Winter, a lingering season, is a time to gather golden moments, embark upon a sentimental journey, and enjoy every idle hour. âJohn Boswell
As an extreme gardener and sun worshipper, winter is most definitely my least favorite season. After the hoopla of the holidays and the extravagance of a New Yearâs celebration, January demands reflection, re-interpretation, and relaxation. With the glorious rain we experienced in December, the three creeks on my property are rushing offering meditative waterfalls that soothe my soul. The hills are greening, narcissi are budding, mushrooms are sprouting, and branches are bare. (As tempted as you may be to gather wild mushrooms, refrain from doing so unless you are with an expert mycologist or the outcome could be dire.) With the exception of pruning, spraying, and weeding, we have very little to do in our gardens this first of the month of the year. That suits me just fine as I am busy catching up and voting on the numerous nominated films and TV series in the upcoming 21stÂ Screen Actors Guild Awards to be simulcast live coast to coast on TNT and TBS onÂ Sunday, January 25, 2015 at 5pm PT.Â If Iâm not gardening, movies on the big screen entertain and intrigue me, offering a winter respite from the travails of the yard. This is also my special time to analyze what I did right and wrong in the past year, peruse seed catalogues, dream about creative new outdoor spaces, set gardening goals for the new year (maybe Iâll study edible fungi), and cook with fruits and vegetables that I froze this past summer in anticipation of this downtime. Embark upon your sentimental journey to enjoy the slow place of January.
RECYCLEÂ your Christmas tree. Remove the ornaments, lights, and all the trimmings before putting by the curbside on your regular garbage day through mid-January.Â If your tree was taller than ten feet, the disposal service requires that you cut it in half.
TUCKÂ surprises into your containers or along walkways to invite guests to stop and start a conversation. Iâve slipped empty Angel star perfume bottles between orchid fronds (canât throw those lovely blue stars away) and also placed an iron sculpture of two fighters created by my husband in high school on top of a birdbath planted with succulents.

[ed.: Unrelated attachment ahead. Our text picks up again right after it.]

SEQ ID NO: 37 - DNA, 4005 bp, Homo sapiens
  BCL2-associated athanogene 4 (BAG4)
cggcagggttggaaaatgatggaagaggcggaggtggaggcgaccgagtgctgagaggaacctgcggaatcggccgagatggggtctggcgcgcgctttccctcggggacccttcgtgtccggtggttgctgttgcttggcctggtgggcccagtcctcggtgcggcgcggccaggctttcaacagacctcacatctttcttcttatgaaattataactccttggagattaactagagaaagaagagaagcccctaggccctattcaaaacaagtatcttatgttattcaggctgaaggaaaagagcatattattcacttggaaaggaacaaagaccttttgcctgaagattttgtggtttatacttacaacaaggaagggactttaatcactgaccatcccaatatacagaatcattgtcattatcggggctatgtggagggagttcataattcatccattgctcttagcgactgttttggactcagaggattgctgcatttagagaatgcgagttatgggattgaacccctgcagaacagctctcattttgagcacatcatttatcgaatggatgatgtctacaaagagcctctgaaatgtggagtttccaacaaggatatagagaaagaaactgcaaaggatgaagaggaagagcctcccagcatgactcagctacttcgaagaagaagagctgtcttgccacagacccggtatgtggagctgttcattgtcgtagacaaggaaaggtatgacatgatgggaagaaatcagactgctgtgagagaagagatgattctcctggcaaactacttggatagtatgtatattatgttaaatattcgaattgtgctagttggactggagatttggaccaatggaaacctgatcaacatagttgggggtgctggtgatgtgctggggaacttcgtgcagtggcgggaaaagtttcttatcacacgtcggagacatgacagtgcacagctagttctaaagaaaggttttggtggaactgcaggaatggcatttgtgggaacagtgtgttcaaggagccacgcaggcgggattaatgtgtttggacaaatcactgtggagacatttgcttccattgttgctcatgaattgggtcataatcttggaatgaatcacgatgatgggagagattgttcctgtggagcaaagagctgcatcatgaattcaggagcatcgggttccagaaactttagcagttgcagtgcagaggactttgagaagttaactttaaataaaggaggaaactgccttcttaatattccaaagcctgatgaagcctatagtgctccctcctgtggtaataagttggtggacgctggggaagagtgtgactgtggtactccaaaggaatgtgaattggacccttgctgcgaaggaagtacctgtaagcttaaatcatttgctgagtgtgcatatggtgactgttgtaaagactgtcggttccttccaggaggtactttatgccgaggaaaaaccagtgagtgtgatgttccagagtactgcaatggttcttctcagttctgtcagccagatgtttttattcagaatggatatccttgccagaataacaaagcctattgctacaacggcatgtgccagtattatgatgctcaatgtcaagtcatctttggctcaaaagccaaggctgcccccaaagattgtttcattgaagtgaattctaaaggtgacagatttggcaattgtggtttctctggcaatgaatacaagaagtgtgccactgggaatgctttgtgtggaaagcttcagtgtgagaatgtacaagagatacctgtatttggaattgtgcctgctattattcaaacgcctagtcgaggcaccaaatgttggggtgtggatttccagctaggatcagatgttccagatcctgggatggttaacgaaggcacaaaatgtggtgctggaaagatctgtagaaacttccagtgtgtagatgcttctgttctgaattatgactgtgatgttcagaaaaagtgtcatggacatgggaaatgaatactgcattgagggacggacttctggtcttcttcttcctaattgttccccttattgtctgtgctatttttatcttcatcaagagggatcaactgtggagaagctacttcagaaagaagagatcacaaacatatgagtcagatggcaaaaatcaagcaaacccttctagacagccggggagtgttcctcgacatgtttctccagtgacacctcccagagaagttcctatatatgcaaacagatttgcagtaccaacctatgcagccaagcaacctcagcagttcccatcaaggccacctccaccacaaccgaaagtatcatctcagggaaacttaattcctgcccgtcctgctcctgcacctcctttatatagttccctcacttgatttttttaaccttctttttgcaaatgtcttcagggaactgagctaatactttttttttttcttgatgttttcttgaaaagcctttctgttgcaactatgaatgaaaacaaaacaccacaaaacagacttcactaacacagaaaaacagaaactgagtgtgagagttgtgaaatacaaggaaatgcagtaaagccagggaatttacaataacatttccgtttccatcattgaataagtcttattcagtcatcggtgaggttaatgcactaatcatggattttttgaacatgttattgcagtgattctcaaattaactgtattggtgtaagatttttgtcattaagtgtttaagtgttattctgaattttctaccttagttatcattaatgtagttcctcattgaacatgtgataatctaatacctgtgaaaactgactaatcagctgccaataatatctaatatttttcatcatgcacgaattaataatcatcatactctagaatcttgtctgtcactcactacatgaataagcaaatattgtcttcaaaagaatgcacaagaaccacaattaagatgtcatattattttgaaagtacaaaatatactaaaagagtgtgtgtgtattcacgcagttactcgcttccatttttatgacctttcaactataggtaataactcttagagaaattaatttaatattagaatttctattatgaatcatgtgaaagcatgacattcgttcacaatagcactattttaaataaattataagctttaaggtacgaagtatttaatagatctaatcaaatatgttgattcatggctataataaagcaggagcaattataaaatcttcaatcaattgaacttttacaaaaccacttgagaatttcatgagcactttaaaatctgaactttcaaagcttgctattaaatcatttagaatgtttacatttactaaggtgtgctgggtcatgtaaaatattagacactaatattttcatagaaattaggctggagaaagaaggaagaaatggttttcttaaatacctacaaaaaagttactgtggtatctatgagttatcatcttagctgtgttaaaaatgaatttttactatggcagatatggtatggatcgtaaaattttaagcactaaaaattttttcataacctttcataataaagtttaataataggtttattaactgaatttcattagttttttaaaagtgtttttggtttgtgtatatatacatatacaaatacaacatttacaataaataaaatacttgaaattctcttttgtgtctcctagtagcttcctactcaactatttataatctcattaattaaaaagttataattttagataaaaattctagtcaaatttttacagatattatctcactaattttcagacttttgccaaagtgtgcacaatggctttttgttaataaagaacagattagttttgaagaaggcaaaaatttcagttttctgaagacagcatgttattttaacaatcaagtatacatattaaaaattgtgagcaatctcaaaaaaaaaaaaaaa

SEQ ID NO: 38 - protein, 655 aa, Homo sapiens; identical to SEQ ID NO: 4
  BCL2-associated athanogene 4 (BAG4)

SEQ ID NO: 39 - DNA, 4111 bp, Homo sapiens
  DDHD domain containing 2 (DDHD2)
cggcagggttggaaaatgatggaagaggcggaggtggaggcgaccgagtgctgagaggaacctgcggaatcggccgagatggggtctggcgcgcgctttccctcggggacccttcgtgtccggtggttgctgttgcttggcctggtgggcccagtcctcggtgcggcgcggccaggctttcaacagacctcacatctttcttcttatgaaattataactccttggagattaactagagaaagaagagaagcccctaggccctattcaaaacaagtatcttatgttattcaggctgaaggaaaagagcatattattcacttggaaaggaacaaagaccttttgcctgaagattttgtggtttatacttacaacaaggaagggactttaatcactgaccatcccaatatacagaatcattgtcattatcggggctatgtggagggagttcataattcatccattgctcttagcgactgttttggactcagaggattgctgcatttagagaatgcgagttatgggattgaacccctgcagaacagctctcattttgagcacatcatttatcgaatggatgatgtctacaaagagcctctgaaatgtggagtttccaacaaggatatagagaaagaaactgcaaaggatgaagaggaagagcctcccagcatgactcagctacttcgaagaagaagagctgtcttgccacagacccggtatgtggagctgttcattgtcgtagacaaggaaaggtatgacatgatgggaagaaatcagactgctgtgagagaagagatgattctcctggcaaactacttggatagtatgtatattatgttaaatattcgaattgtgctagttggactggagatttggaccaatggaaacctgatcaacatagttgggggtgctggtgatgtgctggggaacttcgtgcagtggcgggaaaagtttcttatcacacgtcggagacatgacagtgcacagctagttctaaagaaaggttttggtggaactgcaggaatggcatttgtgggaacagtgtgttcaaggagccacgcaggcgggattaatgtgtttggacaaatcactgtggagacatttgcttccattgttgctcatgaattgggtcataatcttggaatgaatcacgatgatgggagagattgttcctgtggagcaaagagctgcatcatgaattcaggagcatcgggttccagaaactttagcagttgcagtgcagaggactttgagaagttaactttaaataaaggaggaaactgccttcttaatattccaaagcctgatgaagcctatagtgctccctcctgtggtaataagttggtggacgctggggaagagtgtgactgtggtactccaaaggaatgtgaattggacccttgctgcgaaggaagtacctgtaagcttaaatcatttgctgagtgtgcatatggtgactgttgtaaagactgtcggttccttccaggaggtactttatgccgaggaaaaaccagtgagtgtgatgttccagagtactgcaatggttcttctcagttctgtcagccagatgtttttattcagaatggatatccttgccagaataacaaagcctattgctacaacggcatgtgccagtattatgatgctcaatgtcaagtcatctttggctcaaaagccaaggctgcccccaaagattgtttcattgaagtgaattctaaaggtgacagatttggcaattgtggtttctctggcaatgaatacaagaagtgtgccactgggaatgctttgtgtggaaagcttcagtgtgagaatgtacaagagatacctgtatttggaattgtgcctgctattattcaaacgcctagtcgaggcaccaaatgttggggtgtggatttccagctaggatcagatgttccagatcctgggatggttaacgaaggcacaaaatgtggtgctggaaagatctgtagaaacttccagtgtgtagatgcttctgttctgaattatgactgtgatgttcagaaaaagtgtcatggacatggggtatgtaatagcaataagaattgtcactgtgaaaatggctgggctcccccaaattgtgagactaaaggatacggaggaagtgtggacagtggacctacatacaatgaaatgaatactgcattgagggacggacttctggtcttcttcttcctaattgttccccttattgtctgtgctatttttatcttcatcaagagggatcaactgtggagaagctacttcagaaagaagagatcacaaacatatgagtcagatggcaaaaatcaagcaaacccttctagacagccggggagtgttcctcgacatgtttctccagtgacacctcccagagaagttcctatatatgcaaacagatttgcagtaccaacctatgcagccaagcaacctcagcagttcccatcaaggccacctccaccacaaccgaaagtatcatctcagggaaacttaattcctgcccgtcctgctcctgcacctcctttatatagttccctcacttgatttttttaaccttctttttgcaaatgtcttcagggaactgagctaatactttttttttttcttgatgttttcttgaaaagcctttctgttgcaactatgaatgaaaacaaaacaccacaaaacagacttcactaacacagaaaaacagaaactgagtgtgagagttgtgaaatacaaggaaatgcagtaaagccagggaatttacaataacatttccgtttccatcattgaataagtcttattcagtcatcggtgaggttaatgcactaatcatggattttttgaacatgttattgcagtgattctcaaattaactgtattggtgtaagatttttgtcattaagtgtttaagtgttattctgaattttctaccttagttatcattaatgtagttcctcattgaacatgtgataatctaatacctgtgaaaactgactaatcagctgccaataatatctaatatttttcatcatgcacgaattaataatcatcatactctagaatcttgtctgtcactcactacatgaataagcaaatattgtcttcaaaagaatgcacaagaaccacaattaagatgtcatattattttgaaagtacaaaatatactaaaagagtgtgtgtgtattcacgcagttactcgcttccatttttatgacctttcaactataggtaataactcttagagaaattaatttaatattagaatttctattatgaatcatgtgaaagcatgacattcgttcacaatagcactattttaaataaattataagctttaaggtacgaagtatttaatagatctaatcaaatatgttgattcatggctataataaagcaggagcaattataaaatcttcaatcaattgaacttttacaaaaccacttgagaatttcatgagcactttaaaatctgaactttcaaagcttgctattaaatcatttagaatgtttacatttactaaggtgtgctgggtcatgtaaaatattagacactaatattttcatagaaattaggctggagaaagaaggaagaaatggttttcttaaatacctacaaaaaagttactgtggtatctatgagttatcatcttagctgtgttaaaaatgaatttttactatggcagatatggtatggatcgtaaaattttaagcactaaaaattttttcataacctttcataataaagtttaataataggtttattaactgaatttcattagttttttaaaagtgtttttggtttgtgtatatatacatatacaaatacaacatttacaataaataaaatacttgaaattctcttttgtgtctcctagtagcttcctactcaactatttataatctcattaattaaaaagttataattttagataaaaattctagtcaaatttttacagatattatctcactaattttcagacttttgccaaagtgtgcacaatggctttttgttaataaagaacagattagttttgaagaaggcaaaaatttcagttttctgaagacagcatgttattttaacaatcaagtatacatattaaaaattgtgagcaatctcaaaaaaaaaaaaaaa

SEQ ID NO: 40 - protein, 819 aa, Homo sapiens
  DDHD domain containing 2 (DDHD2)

SOLVEÂ the problem of a bare spot by purchasing an azalea, fuchsia, or cyclamen in bloom and placing the pot directly in the garden. When it has finished blooming, transplant wherever you wish.
PRUNEÂ roses, vines, and fruit trees. Canes of roses can be shared with friends. Dip a healthy cane into a growing medium, plant in good soil or in a container.
TIMEÂ to order bare root roses. David Austin is introducing four new English roses to the United States for spring. My favorite is called The Lady Gardener. Find more information atÂ http://www.DavidAustinRoses.com.
MULTIPLYÂ delight by bringing bouquets of pink bergenia and fragrant narcissci into your rooms. Jade is also in bloom offering a winter succulent shocker.
WATCHÂ the 21stÂ Screen Actors Guild Awards simulcast live coast to coast on TNT and TBS on Sunday, January 25thÂ at 5pm. The award shows of the season have nothing to do with gardening, and that is my point.Â
FEEDÂ the birds! With winter in full throttle there is little food for our feathered friends. Make sure to keep feeders out of the rain.
SPRAYÂ fruit trees, dogwoods, and cotoneaster this month with the first of the dormant sprays.
PICKÂ baby lettuces, arugula, and Swiss Chard for your meals.
ADDÂ sulfur or coffee grinds to acid loving plants including rhododendron, fuchsia, azalea, rose, Daphne, and citrus to give an added boost of energy.
SAVEÂ fireplace wood ashes to fertilize your alkaline loving plants and iris.
MULCHÂ hillsides to prevent erosion, maintain warmth, and assist with water retention.
WEEDÂ whenever you notice the unwanted greens popping up to save yourself the trouble when the ground is dry. Weeds are easy to pull in the rainy weather and can be added to your compost heap.
SPRINKLEÂ laundry detergent on mushrooms that grow in your lawn. Personally I love seeing mushrooms as they remind me of my favorite fairytales, but if they bother you, a dusting of laundry detergent exterminates them quickly and safely.Â
CAREÂ for indoor plants by wiping large foliage with a damp cloth to remove the dust, use room temperature water on all pots, keep pots away from drafts, and be vigilante about watching for pests.
TAKEÂ cuttings from fruit trees to graft in March or April. Wrap cuttings in wet newspaper, seal the wrapped twigs in plastic bags, and store in the freezer until you are ready.
FORCEÂ bulbs of crocus, hyacinth, and lily of the valley.
INSPECTÂ and repair all garden tools and equipment. Make sure to oil, sharpen, and store them securely.
PERUSEÂ garden catalogues and magazines for ideas for a spring garden. Make a list of seeds youâll want to try in this year.
REST, relax, rejuvenate, reinvent. Give yourself a respite from the cold, damp, and dreary to dream about a flourishing spring.
Have a safe, happy, and healthy New Year.Â
Read more atÂ https://www.lamorindaweekly.com/archive/issue0822/Cynthia-Brians-Gardening-Guide-for-January.html
The Goddess Gardener
StarstyleÂ® Productions, llc
I am available as a speaker, designer, and consultant. Â
Cynthia Brian is a New York Times best selling author, speaker, coach, and host of the radio show, StarStyleÂ®-Be the Star You Are!Â® broadcasting live everyÂ Wednesday from 4-5pm PTÂ on the Voice America Network.. She also is the creator and producer of Express Yourself!â¢ Teen Radio and Executive Director of Be the Star You Are!Â® 501c3 charity.